Reviewed – 24th June 2019
“a seminal play about family, racism and history, brought to life by vivid and genuine performances across the cast”
Summer Rolls is the first British-Vietnamese play to be staged in the UK, and Park Theatre is its home. Written by Tuyen Do, the play explores racism, the impact of war, culture and community, through the lens of a single family across several decades. Mai’s parents and older brother escaped war-torn Vietnam at a time when Mai was too young to remember. Brought up in the UK, Mai resists the traditional values of her parents that tell her how should behave, what she should become and who she should marry. But she documents the shadows of her family’s scars and secrets – her father sleepwalking at night for example – through her camera, learning her history in stills. Performed across the Vietnamese and English languages, this is a play about the collision of two cultures.
The set by Moi Tran presents a traditional Vietnamese home, a kitchen station with chopsticks and fish sauce, two sewing machines, a radio that brings the politics of the outside world in. Mai and her black boyfriend seem to exist in contrast to this space, a reminder of the London culture that the family are living within.
The staging sometimes lets down the play, closing off the conversations to most of the audience. From a writing perspective, there is sometimes a clumsiness around delivery of the various revelations that shape the play, too sudden or conversely predictable. As a whole, the story has a fragmented feel to it, and the scenes do not move well between each other, lacking fluency at points. However the strength of individual scenes, and the characters and relationship created within them, still make this a very enjoyable evening.
Mai’s mother is sharp, funny and dedicated to her children. She is played in a standout performance by Linh-Dan Pham. Anna Nguyen and Keon Martial-Phillip are also particularly strong as the young couple, exploring London adolescence, sex and alcohol and art. The relationships between the characters feel consistently genuine, complex and tender.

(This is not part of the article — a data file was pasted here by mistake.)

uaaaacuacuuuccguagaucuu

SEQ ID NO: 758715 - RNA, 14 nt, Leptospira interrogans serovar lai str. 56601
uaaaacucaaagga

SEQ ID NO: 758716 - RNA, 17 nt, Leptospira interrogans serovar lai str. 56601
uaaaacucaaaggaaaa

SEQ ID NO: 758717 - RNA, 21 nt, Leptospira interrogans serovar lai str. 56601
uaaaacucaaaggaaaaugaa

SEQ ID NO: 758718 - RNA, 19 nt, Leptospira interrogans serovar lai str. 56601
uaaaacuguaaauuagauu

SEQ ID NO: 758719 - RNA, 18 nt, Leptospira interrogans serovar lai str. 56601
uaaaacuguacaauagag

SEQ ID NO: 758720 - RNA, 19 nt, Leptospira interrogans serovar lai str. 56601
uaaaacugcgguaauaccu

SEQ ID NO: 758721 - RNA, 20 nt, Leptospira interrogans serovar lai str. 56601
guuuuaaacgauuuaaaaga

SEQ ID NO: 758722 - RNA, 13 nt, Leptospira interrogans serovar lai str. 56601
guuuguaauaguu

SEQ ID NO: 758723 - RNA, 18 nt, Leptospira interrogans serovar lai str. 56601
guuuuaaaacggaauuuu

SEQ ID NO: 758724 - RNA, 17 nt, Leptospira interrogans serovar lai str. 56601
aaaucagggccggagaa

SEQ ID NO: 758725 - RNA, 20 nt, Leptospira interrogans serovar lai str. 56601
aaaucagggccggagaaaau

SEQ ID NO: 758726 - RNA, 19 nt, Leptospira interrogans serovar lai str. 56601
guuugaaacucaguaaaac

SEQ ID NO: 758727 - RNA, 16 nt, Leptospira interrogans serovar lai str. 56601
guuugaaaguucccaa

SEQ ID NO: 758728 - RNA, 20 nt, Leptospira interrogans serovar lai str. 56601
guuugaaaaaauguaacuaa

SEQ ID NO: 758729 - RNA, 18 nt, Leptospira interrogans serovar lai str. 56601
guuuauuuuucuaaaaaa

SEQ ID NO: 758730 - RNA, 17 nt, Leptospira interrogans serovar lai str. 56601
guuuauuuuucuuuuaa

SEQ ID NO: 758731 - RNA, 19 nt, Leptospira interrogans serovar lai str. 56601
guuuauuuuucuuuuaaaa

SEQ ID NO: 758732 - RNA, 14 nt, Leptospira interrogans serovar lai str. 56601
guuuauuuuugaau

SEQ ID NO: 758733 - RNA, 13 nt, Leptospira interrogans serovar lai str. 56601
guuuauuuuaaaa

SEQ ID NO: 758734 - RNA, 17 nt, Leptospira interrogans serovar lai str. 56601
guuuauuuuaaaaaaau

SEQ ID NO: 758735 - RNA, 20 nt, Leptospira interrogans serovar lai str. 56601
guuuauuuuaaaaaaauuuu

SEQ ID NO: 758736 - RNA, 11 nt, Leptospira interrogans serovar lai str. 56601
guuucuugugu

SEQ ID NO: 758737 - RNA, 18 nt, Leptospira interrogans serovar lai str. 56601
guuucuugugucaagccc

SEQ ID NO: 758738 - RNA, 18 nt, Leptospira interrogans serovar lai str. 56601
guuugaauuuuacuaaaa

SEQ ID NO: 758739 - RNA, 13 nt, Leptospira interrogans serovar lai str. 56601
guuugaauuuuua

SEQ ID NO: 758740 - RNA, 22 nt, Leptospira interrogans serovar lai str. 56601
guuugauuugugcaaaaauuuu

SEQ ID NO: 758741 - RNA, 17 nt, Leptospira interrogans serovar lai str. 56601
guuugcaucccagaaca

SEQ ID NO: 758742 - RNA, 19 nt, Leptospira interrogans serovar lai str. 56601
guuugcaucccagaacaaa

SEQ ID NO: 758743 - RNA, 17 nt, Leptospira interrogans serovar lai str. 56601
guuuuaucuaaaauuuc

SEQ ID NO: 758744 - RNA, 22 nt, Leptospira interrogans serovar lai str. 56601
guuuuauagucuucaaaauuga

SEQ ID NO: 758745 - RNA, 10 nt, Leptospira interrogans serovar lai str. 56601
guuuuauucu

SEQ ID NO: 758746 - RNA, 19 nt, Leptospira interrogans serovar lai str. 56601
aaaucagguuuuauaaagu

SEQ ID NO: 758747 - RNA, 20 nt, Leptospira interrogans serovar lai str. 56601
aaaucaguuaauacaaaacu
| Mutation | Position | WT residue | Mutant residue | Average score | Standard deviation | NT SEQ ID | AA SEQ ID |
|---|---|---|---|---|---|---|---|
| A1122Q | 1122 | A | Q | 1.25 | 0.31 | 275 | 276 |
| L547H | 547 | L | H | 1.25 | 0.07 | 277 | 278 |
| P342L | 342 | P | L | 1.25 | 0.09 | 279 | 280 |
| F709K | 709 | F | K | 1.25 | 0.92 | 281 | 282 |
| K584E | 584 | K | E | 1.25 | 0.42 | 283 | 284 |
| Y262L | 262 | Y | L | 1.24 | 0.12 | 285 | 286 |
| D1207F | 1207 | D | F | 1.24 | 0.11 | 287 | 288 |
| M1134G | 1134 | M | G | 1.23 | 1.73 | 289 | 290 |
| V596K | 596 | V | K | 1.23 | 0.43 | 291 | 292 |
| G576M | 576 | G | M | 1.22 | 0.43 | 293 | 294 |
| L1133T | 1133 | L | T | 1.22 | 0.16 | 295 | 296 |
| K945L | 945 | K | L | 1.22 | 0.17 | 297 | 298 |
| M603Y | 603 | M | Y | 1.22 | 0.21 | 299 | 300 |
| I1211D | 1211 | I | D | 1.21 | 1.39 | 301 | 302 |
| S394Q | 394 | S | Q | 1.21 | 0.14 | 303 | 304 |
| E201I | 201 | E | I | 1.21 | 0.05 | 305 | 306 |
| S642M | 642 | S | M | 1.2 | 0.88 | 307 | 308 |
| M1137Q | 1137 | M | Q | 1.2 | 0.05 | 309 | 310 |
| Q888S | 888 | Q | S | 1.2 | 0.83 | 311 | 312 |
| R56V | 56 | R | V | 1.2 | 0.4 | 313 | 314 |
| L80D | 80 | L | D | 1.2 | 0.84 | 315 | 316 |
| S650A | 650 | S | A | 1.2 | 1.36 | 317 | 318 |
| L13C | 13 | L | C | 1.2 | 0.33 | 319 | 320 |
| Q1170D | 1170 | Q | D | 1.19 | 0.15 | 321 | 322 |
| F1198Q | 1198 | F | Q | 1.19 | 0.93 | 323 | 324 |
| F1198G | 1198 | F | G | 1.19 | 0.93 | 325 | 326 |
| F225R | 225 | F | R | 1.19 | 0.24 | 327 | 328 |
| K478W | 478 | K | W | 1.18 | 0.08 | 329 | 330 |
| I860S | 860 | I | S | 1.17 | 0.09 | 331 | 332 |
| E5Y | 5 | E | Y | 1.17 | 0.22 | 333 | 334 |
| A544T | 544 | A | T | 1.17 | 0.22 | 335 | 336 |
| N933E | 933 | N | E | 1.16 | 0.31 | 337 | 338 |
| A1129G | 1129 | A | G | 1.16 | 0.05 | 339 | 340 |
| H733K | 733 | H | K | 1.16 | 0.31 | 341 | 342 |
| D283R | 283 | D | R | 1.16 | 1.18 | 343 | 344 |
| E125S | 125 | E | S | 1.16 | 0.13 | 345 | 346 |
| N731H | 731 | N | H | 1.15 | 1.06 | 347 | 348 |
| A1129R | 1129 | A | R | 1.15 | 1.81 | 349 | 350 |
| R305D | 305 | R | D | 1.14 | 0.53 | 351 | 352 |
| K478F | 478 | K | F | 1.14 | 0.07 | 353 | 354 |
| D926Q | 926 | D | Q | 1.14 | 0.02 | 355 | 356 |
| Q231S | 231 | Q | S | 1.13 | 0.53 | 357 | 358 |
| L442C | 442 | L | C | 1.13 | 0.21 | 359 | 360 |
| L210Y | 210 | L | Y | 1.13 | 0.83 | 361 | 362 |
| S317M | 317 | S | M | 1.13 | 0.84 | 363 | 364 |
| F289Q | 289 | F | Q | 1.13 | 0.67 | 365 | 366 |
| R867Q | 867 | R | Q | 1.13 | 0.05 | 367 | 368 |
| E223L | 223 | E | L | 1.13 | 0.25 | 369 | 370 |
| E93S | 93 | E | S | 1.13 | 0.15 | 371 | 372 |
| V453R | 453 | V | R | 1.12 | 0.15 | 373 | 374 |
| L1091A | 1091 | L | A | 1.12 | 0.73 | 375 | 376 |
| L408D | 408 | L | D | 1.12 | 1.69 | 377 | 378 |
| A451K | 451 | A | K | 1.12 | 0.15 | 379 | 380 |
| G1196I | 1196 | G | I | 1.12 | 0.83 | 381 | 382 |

This is a seminal play about family, racism and history, brought to life by vivid and genuine performances across the cast.
Reviewed by Amelia Brown
Photography by Danté Kim
Park Theatre until 13th July
Previously reviewed at this venue:
Reviewed – 31st January 2019
“Despite the linguistic drawbacks, director, Kristine Landon-Smith, produces an inspiring revival”
In the 1950s, France is attempting to mask the emotional and moral effects of the war and return to an appearance of normality. Jean Anouilh’s prolific output, rarely performed today, ranges from drama to farce. ‘The Orchestra’ leans towards what he categorised as his ‘black’ work (as opposed to ‘pink’, ‘brilliant’ or ‘grating’), contrasting with poignant wit the dramatic change the German Occupation had on the country. Here, Anouilh mirrors this with a small café ensemble whose polished performance juxtaposes the smouldering frustrations, rivalry and revelations which seep out between movements, the sugary lightness of the music enhancing the discord. The orchestra represents the female-dominated, close-knit society of the time. Stuck in a dull provincial spa town they repeat over-familiar tunes to an unappreciative audience. But they are also keen to unwrap each other’s secrets and the collaboration question.
Jeremy Sams’ translation brings to life the radiant facade and cutting jealously, even if the language is sometimes somewhat updated, but the setting of time and place in this play is essential to the characters’ behaviour. A culturally diverse cast with varied accents changes the ambience and, moreover, means that it is quite often hard to get past understanding the actual words and we lose the nuances of the script and personalities. Amanda Osbourne as Madame Hortense controls the group with strong authority (if not the voluptuous shape described by Anouilh) as it writhes with uncomfortable truths. The violin ‘desk partners’ reveal their personal domestic realities and there is amusing chitchat between the flautist and the viola player. Even the cellist admits deliberately playing out of tune to German audiences. Pedro Casarin as Monsieur Leon, the pianist, gives the most dramatic about-face but it is the fighting over him by Madame Hortense and Suzanne, the cellist, which culminates in the darkest moment…as the band plays on.
The breezy melodies (Felix Cross) camouflage the searing tensions but the quality of the soundtrack doesn’t do justice to the energy and expression of recorded live music. Learning to mime playing a stringed instrument is a highly commendable feat and Sarah Waddell (the violinist, Pamela), in particular, makes a convincing impression. Despite the linguistic drawbacks, director, Kristine Landon-Smith, produces an inspiring revival of a writer and genre which has long been neglected and captures the forced smile of a period desperate to gloss over the recent past.
Reviewed by Joanna Hetherington
Photography by Jacob Malinski
Omnibus Theatre until 17th February
Last ten shows reviewed at this venue: